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Proactive vs Reactive Training

April 20, 2022 |

Providing effective staff training is one of the keys to retaining good staff. The right training, delivered at the right time, can lead to huge ongoing benefits, such as increased job satisfaction, a boost in employee morale, higher productivity rates and reduced staff turnover.  Organisations can benefit too, from increased capabilities, improved business outcomes and better customer satisfaction rates.

The secret is in knowing which training to provide and when.

Proactive and reactive are two approaches to training that an organisation might offer their staff – and both address specific needs.

What do we mean by proactive and reactive training?

Proactive training is training that is in advance of a need. For example – enhancing an employee’s professional development so they can work across different roles.

Reactive training is often known as the training to “put out fires”. It’s in reaction to something, such as an issue or accident that has happened. Reactive training often occurs too late. However, it’s not all negative and there can be benefits, such as dealing with and learning from a real need, rather than a hypothetical situation.

It’s well known that many organisations have tight training budgets and therefore it’s not always feasible to implement proactive training in advance. However, the reality is that proactive training – by being prepared in advance – could prevent an issue or accident from occurring in the first place with a ready-to-proceed, well-equipped and agile workforce.

How to swap reactive for proactive training…

The key for any training implementation is to identify your organisational training needs. A Training Needs Analysis (TNA) can help with this and will:

  • Identify gaps in the workforce, knowledge, skills or behaviours
  • Recognise how the training fits in with your organisational objectives and Key Performance Indicators (KPI’s)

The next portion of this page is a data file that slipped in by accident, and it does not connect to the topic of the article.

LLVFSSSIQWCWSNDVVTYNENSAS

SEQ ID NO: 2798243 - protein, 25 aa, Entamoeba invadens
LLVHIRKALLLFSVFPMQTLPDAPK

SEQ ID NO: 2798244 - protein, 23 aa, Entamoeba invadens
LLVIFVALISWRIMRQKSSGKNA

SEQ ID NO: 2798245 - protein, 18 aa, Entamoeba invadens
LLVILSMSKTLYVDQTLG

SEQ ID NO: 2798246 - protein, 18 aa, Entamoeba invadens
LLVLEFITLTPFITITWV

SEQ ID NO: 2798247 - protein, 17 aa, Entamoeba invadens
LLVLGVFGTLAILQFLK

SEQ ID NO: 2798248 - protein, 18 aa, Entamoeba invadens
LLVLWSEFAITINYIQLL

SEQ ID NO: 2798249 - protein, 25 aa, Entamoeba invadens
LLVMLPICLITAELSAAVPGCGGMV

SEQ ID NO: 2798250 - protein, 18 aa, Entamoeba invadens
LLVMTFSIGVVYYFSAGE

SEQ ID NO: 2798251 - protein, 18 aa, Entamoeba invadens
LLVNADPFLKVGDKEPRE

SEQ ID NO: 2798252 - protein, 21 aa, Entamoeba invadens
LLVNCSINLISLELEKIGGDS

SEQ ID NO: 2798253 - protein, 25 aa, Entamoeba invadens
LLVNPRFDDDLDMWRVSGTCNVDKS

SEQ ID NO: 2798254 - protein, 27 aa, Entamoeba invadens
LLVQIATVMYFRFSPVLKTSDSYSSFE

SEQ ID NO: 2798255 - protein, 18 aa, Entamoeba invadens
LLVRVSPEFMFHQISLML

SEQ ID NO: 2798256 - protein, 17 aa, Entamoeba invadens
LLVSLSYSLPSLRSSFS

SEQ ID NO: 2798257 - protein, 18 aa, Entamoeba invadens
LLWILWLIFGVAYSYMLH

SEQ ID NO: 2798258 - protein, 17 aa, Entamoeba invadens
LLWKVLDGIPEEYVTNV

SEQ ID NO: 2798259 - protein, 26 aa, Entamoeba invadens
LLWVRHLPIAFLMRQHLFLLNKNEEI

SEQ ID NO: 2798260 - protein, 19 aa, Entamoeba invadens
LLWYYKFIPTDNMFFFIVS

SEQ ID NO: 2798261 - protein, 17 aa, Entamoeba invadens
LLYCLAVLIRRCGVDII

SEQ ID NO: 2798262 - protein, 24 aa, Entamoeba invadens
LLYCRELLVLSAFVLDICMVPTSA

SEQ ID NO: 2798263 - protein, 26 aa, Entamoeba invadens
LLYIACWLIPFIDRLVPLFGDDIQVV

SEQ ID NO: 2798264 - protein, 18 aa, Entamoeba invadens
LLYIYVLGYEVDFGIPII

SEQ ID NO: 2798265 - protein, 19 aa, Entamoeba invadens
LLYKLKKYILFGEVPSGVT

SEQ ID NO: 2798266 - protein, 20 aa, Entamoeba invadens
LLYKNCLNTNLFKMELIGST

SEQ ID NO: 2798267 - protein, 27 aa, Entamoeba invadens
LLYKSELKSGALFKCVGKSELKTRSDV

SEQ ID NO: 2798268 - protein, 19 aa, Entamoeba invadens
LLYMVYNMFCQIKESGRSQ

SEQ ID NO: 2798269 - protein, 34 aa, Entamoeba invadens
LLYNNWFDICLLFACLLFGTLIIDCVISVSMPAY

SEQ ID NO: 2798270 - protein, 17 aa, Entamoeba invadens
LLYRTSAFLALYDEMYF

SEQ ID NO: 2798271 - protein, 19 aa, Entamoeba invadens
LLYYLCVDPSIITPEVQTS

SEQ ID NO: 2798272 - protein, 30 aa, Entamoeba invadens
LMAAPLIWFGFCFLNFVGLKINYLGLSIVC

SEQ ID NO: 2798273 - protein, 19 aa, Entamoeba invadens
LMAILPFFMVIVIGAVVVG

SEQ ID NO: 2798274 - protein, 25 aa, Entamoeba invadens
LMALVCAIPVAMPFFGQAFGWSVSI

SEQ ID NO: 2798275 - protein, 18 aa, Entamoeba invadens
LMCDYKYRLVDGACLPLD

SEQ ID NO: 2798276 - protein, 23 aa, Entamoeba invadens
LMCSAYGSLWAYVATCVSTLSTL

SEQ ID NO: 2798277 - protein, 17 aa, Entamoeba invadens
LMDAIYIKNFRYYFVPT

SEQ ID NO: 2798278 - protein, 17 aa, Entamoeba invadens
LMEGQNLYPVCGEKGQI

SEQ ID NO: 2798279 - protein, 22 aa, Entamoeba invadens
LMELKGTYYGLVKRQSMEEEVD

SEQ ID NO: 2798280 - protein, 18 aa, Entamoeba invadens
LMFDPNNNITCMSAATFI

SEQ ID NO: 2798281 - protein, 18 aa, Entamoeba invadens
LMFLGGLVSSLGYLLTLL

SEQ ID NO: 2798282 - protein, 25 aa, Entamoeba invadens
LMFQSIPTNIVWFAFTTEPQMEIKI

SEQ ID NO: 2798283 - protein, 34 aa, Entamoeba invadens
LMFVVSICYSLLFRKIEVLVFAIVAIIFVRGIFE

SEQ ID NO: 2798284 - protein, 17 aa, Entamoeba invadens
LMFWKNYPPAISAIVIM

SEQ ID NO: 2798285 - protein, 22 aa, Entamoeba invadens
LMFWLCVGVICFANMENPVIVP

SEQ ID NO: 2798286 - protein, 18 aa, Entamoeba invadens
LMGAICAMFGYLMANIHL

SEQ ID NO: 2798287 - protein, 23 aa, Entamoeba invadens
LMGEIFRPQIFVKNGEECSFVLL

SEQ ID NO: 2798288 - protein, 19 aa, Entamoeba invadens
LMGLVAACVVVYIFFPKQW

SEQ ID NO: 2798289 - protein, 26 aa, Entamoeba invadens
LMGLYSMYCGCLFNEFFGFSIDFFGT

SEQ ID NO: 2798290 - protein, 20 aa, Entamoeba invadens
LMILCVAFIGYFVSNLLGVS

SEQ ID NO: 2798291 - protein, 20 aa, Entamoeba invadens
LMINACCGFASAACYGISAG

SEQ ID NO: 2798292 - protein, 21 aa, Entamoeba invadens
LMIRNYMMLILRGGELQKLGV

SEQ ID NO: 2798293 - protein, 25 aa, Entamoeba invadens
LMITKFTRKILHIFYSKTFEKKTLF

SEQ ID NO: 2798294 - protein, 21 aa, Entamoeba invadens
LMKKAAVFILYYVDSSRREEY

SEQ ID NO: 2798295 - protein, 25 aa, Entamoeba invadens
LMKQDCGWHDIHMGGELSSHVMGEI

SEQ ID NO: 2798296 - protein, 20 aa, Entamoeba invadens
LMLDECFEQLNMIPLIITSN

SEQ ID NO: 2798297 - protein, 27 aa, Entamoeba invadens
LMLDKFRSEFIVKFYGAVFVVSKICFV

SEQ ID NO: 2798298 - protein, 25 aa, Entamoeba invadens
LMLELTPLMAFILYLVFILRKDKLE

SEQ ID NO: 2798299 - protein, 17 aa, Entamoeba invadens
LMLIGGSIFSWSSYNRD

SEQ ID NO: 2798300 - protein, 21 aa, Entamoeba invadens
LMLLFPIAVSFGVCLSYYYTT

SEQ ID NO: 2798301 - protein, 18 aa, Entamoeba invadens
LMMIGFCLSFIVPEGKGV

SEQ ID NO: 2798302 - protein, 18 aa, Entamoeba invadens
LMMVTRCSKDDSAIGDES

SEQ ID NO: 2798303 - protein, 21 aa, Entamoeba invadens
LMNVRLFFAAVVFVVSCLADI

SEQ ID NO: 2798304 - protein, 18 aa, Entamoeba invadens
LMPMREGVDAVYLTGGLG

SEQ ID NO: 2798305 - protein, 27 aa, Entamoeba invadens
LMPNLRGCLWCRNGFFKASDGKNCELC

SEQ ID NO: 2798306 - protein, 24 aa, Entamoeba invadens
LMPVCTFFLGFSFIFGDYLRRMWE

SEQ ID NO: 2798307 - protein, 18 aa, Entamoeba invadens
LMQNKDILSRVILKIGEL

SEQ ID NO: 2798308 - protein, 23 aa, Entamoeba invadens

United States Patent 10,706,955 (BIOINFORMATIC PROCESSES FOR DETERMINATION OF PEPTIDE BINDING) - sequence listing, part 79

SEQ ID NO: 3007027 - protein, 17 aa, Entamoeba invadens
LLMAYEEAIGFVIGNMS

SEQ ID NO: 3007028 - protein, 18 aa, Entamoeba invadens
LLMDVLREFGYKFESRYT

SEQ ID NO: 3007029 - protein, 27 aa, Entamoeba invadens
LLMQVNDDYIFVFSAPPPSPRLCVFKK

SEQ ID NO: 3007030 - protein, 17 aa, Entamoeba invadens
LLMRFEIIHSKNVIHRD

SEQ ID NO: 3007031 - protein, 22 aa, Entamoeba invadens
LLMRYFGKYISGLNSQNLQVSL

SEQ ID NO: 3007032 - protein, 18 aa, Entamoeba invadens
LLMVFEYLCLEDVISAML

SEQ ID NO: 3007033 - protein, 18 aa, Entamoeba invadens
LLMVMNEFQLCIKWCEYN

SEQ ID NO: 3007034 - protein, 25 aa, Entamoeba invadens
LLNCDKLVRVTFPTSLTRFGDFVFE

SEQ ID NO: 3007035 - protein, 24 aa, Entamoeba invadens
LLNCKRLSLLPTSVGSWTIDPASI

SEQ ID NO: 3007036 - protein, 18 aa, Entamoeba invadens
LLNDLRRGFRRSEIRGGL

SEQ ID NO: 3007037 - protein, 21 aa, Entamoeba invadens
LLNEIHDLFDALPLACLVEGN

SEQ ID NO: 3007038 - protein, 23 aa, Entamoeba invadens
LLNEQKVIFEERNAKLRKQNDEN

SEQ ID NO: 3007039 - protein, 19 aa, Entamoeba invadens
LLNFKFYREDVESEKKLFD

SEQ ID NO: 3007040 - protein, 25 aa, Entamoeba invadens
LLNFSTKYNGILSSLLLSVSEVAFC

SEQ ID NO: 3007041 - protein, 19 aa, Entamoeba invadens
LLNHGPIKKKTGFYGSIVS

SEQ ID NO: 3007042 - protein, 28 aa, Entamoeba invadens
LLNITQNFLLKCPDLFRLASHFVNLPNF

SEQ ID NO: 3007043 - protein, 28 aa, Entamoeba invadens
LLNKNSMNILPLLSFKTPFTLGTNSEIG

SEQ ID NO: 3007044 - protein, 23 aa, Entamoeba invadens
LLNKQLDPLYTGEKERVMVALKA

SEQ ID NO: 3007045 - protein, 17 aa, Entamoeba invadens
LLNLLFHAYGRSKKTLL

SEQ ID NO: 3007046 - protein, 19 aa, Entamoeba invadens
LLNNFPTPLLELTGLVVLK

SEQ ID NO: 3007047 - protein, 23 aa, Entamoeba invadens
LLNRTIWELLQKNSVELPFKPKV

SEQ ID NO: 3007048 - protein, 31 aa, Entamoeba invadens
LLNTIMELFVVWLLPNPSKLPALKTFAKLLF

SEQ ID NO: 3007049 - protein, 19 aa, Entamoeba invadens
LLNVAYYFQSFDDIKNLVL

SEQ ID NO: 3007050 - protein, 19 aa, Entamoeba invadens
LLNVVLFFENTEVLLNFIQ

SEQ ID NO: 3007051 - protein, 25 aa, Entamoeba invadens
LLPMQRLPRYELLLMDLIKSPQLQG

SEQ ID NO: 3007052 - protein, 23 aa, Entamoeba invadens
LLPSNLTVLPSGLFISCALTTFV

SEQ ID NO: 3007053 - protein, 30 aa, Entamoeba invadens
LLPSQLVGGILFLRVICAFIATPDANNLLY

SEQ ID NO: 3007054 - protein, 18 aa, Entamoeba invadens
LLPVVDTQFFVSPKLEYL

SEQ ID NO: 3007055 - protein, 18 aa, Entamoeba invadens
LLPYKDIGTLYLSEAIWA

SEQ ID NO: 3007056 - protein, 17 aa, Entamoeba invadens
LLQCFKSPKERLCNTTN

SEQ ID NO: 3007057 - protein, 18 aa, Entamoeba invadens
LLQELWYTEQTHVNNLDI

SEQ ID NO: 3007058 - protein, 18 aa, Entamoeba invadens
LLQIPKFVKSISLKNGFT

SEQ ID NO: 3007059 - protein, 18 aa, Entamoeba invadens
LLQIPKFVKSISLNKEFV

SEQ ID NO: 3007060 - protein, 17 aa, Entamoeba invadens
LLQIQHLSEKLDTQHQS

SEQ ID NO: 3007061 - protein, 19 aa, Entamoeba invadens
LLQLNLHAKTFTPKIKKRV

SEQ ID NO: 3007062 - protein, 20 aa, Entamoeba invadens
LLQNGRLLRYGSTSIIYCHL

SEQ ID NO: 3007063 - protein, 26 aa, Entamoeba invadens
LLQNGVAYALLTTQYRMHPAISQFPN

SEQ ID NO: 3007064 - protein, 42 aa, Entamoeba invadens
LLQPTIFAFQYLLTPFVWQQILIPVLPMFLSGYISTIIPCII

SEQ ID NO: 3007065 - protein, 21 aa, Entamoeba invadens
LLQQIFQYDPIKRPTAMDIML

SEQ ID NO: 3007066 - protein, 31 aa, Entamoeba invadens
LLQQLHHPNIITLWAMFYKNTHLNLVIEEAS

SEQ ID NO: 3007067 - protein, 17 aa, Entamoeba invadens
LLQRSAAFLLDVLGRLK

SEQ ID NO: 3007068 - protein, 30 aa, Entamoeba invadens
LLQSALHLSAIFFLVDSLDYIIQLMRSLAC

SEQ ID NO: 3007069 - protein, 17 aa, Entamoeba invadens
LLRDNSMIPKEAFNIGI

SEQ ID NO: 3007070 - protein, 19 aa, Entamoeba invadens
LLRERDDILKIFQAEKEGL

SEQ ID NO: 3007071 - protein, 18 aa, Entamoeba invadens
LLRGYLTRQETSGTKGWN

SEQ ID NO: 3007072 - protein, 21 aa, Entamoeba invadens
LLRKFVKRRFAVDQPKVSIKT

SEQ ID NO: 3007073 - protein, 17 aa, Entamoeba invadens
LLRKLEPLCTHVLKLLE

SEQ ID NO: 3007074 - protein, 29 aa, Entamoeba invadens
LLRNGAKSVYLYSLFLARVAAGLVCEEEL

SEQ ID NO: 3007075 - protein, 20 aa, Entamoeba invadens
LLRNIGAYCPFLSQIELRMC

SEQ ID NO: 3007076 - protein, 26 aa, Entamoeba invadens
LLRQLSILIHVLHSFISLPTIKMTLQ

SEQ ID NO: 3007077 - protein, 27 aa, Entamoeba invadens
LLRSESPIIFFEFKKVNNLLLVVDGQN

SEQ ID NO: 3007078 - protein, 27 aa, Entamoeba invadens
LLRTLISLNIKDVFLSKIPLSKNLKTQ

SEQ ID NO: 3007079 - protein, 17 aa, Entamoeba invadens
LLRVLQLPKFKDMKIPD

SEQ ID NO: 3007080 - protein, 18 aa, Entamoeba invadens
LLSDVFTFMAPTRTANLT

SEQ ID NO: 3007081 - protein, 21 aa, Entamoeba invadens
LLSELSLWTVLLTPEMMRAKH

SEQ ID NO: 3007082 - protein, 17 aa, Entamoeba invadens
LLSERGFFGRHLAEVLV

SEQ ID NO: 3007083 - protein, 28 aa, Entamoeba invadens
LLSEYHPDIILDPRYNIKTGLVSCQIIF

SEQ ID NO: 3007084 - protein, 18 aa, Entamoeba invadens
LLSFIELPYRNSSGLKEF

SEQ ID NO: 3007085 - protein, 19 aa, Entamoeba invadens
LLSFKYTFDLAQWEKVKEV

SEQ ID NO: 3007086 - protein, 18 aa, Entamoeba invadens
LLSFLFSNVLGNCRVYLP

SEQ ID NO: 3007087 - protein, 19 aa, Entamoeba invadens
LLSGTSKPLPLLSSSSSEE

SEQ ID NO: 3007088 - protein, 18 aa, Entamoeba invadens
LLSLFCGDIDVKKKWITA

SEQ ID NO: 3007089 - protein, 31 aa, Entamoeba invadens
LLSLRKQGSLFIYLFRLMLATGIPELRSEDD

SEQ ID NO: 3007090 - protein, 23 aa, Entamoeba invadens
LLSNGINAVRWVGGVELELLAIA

• Support long term training plans and therefore, the required budget in advance
  • Ensure the right people receive the training
  • Prioritise training, ensuring your staff receive the right training at the right time. For example if you have a new service user joining in a month who requires support with Enteral Feeding; it makes sense to have staff trained in advance of their care starting.
  • Help to build a training plan that is beneficial and cost effective

Here are Altura Learning’s top 5 tips to ensuring a proactive approach to training

  1. Conduct a Training Needs Analysis within your organisation. (Look out for our next issue to find out more about conducting TNA’s).
  2. Communicate with your employees and identify their needs. Employees can often provide a greater insight as to the pressures and problems or areas of interest and focus to help develop an effective training solution.
  3. Look at whether your current training is effective and provides the best outcomes. If it is then there may be no need to change anything.
  4. Create a positive learning culture within your organisation where all departments understand the importance of the right training, and staff feel empowered and encouraged to learn more.
  5. Be innovative. If budget is holding you back, develop free/informal offerings such as, training during team meetings, via company webinars, providing content on staff notice boards. Some charities even provide free training for particular health and social care topics.

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